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“Pass-Through” Agreements Minimize Costs, But Are Not Without Potential Pitfalls

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August 24, 2005


Liquidation or “pass-through” agreements are becoming an increasingly popular option in both public and private construction disputes. Although these types of agreements can be used in several different scenarios, the most common example involves situations in which a subcontractor and general contractor agree that the owner is responsible for the damages claimed by the subcontractor.

Without a liquidation agreement in place, the subcontractor would be obligated to bring its claims directly against the general contractor, who in turn would sue the owner. This arrangement requires the involvement of additional parties, and as a result is expensive and time-consuming. In contrast, liquidation agreements allow the general contractor to “pass through” or sponsor the subcontractor’s claim by bringing a claim directly against the responsible party and agreeing to turn over what recovery, if any, it ultimately obtains. By avoiding additional layers of litigation, costs are minimized.

However, a number of issues dictate when and if a liquidation agreement is appropriate. First, courts are split on whether the general contractor has to pay, confess or admit liability to the subcontractor to sponsor the claim, or whether it is sufficient that the general contractor merely be exposed to the subcontractor’s claim.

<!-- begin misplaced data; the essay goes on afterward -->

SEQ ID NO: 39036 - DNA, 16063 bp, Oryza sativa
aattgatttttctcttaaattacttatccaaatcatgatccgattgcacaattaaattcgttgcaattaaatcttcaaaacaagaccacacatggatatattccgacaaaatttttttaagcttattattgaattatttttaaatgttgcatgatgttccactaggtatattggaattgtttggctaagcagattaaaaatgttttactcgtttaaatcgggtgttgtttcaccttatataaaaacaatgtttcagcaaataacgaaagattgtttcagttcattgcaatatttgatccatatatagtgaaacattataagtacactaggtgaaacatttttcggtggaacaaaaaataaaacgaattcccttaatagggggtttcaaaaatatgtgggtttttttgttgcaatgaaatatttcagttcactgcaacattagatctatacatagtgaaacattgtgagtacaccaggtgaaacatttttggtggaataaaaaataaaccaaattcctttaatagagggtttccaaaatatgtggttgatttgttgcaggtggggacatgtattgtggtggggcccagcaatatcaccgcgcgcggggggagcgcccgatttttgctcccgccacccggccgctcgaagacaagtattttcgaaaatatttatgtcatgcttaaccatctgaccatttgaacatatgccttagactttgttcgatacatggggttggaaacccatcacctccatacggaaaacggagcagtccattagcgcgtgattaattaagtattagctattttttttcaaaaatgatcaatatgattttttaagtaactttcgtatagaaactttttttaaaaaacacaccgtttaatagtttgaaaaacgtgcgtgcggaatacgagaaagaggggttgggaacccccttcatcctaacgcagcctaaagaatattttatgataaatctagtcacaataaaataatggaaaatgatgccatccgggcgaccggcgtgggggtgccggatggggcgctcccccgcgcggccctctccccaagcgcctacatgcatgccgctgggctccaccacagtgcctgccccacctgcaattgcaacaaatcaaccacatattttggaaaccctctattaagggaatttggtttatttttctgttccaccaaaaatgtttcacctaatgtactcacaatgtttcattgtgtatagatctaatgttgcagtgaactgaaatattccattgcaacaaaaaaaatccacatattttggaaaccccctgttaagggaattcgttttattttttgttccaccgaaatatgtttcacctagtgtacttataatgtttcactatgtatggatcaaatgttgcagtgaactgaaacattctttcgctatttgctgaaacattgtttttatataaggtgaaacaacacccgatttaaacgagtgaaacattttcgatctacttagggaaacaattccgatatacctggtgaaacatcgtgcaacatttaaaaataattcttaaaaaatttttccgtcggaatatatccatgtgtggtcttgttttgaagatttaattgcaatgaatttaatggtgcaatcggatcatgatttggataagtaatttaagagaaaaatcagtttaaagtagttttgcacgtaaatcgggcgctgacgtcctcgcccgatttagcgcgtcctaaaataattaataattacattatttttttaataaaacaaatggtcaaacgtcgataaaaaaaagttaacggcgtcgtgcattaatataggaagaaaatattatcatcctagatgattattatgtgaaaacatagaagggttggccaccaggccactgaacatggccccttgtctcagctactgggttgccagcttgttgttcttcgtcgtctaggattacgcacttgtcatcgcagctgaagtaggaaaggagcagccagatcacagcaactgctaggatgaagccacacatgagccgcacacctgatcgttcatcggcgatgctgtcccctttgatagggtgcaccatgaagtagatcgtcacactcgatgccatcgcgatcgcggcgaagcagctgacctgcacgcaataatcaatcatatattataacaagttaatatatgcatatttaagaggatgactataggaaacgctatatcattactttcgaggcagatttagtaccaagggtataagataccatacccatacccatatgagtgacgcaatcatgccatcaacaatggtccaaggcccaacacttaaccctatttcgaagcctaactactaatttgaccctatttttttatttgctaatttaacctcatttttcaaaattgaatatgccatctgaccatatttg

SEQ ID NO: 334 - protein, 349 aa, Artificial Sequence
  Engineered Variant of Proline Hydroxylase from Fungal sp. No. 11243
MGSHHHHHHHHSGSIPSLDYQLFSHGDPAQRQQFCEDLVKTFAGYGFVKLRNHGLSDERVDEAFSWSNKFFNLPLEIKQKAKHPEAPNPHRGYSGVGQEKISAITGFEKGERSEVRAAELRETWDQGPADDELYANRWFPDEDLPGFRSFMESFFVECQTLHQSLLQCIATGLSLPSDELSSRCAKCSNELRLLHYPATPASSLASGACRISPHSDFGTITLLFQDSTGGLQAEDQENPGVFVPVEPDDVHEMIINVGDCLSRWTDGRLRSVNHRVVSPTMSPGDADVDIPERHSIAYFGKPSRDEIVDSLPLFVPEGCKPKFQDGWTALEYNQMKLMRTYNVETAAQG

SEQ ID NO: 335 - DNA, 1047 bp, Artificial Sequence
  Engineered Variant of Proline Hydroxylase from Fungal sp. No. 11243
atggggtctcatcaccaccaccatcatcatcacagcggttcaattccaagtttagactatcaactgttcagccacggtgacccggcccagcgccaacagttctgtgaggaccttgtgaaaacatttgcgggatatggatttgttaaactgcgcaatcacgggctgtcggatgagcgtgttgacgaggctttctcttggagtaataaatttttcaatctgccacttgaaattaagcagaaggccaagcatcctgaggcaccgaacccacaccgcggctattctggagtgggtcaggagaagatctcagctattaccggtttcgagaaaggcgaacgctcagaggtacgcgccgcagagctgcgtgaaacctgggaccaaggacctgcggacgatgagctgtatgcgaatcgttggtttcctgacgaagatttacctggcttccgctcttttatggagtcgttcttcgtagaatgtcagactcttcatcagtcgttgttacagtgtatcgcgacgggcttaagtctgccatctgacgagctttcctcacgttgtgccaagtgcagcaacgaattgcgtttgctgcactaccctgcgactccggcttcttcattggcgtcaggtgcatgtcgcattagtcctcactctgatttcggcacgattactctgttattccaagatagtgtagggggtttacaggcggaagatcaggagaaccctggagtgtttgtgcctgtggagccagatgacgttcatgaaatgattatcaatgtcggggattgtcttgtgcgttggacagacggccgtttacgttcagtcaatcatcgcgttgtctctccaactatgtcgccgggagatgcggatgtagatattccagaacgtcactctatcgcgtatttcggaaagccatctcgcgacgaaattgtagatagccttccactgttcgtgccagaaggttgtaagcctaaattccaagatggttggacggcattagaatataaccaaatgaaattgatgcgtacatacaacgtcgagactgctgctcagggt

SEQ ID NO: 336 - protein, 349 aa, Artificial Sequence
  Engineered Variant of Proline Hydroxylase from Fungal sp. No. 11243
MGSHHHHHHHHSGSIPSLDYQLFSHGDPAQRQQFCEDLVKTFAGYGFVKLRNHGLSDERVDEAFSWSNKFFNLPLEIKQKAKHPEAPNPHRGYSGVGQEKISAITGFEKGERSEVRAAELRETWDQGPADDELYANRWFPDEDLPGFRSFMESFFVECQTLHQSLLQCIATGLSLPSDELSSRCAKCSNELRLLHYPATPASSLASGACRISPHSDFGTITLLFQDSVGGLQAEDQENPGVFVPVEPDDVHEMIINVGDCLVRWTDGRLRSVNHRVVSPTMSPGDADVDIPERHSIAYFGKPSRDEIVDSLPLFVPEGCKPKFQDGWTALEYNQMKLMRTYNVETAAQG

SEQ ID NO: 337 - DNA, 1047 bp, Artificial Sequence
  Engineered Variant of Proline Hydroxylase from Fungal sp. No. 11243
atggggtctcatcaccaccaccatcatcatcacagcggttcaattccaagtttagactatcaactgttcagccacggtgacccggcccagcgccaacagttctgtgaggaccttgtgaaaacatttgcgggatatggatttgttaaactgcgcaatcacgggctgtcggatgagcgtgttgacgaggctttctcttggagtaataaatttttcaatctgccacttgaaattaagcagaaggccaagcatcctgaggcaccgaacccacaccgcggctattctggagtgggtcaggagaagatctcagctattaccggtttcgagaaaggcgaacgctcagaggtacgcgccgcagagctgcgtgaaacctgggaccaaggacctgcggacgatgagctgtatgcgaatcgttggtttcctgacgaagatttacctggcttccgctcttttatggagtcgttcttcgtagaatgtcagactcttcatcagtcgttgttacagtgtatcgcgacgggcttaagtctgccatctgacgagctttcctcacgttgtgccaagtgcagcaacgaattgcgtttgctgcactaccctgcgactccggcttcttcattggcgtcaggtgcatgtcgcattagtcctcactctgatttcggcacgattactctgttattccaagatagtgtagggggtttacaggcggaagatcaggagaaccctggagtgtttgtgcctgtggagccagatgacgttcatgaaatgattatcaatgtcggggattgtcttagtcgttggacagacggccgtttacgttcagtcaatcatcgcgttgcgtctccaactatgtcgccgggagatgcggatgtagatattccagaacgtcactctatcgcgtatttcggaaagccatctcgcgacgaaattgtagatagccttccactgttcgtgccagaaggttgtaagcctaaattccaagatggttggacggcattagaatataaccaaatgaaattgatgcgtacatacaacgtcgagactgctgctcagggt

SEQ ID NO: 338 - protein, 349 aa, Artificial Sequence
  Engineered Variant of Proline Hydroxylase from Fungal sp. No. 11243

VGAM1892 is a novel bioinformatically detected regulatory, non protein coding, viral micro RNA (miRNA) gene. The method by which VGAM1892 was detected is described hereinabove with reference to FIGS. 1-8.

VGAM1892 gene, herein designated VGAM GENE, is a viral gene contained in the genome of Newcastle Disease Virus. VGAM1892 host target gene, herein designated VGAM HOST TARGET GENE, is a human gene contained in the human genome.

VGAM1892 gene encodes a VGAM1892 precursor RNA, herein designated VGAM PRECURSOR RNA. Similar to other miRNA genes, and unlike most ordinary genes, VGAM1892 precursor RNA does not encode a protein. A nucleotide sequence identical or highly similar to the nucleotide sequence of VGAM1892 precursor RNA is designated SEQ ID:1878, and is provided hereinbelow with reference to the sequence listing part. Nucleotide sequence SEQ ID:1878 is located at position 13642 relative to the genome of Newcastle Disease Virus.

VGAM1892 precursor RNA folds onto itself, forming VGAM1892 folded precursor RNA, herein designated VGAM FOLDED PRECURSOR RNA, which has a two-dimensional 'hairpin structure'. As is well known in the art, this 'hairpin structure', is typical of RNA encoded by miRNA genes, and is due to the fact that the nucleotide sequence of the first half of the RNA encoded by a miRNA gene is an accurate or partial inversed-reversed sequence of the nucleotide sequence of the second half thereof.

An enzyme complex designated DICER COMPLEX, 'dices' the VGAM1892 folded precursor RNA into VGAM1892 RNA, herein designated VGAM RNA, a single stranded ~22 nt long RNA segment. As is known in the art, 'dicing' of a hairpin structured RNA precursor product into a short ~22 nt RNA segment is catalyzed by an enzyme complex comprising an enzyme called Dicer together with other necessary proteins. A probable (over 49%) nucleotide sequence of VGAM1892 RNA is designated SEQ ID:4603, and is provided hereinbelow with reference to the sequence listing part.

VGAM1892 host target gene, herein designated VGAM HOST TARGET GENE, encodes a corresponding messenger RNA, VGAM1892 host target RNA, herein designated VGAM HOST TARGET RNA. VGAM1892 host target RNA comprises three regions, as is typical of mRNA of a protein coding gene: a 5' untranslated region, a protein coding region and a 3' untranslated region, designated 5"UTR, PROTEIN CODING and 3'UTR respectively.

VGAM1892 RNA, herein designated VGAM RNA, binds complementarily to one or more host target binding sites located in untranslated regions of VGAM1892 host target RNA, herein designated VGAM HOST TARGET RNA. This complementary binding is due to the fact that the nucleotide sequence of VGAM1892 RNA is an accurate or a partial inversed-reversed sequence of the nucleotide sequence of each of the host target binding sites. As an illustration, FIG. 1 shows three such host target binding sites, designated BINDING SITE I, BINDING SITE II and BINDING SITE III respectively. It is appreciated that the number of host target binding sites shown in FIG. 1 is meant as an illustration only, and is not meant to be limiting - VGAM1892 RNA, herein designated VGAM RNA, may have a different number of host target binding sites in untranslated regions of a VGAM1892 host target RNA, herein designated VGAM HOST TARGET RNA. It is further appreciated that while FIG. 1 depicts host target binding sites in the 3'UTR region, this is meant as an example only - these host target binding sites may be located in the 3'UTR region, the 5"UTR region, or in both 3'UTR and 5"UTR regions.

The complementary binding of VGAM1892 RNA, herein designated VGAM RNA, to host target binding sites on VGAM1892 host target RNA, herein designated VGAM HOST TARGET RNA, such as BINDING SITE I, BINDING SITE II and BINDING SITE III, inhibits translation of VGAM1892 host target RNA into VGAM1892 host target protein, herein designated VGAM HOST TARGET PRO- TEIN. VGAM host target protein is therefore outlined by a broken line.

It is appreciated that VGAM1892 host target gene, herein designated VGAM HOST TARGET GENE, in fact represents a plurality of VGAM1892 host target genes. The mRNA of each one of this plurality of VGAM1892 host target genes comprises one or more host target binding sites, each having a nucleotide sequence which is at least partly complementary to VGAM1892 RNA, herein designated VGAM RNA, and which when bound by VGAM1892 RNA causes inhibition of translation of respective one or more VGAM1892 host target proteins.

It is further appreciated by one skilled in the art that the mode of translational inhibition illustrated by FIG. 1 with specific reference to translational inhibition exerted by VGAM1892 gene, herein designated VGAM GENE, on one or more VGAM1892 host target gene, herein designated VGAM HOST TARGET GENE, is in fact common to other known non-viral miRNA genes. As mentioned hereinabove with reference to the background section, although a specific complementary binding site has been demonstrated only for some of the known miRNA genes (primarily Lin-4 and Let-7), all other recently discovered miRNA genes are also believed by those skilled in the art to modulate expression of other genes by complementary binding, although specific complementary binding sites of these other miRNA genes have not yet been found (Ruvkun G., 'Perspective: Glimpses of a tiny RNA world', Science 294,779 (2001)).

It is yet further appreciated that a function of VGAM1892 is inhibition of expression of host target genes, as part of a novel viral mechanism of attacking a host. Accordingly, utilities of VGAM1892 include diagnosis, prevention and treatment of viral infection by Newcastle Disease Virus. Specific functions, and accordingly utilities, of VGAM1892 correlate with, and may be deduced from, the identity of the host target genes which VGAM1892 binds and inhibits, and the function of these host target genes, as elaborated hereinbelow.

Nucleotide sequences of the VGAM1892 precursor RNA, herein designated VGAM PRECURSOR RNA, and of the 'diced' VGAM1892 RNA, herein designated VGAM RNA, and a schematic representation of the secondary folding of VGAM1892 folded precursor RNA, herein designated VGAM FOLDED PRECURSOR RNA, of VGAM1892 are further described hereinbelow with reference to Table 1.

Second, attempts to pass through claims may expose the general contractor to liability to the subcontractor in situations where the subcontractor does not agree that the owner is responsible for its claim, or the subcontractor does not agree to be bound to the result obtained by the general contractor.

When deciding whether the claim will be pursued directly by the general contractor, or by the subcontractor in the general contractor’s name, several concerns must be addressed. Among them:

If the general contractor pursues the claim directly, does it have a right to deduct its attorneys’ fees and costs incurred from any recovery?

  • Does the subcontractor have the right to participate, through its counsel or its expert, in the presentation of the claim?
  • How should the recovery be apportioned between the parties in the event the general contractor is also pursuing an additional, independent claim?
  • How would the recovery be divided between the general contractor and subcontractor in the event that a judgment or settlement fails to do so?
  • How would the claim be resolved if the general contractor and subcontractor do not agree on what is a viable and fair settlement?

Many of these issues can and should be addressed as part of the initial contract drafting stage of the project to potentially avoid the necessity of negotiating a new, separate “pass-through” agreement when a dispute arises.

Michael Strong practices business litigation and commercial litigation. He can be reached at (816) 460-5539 or [email protected]


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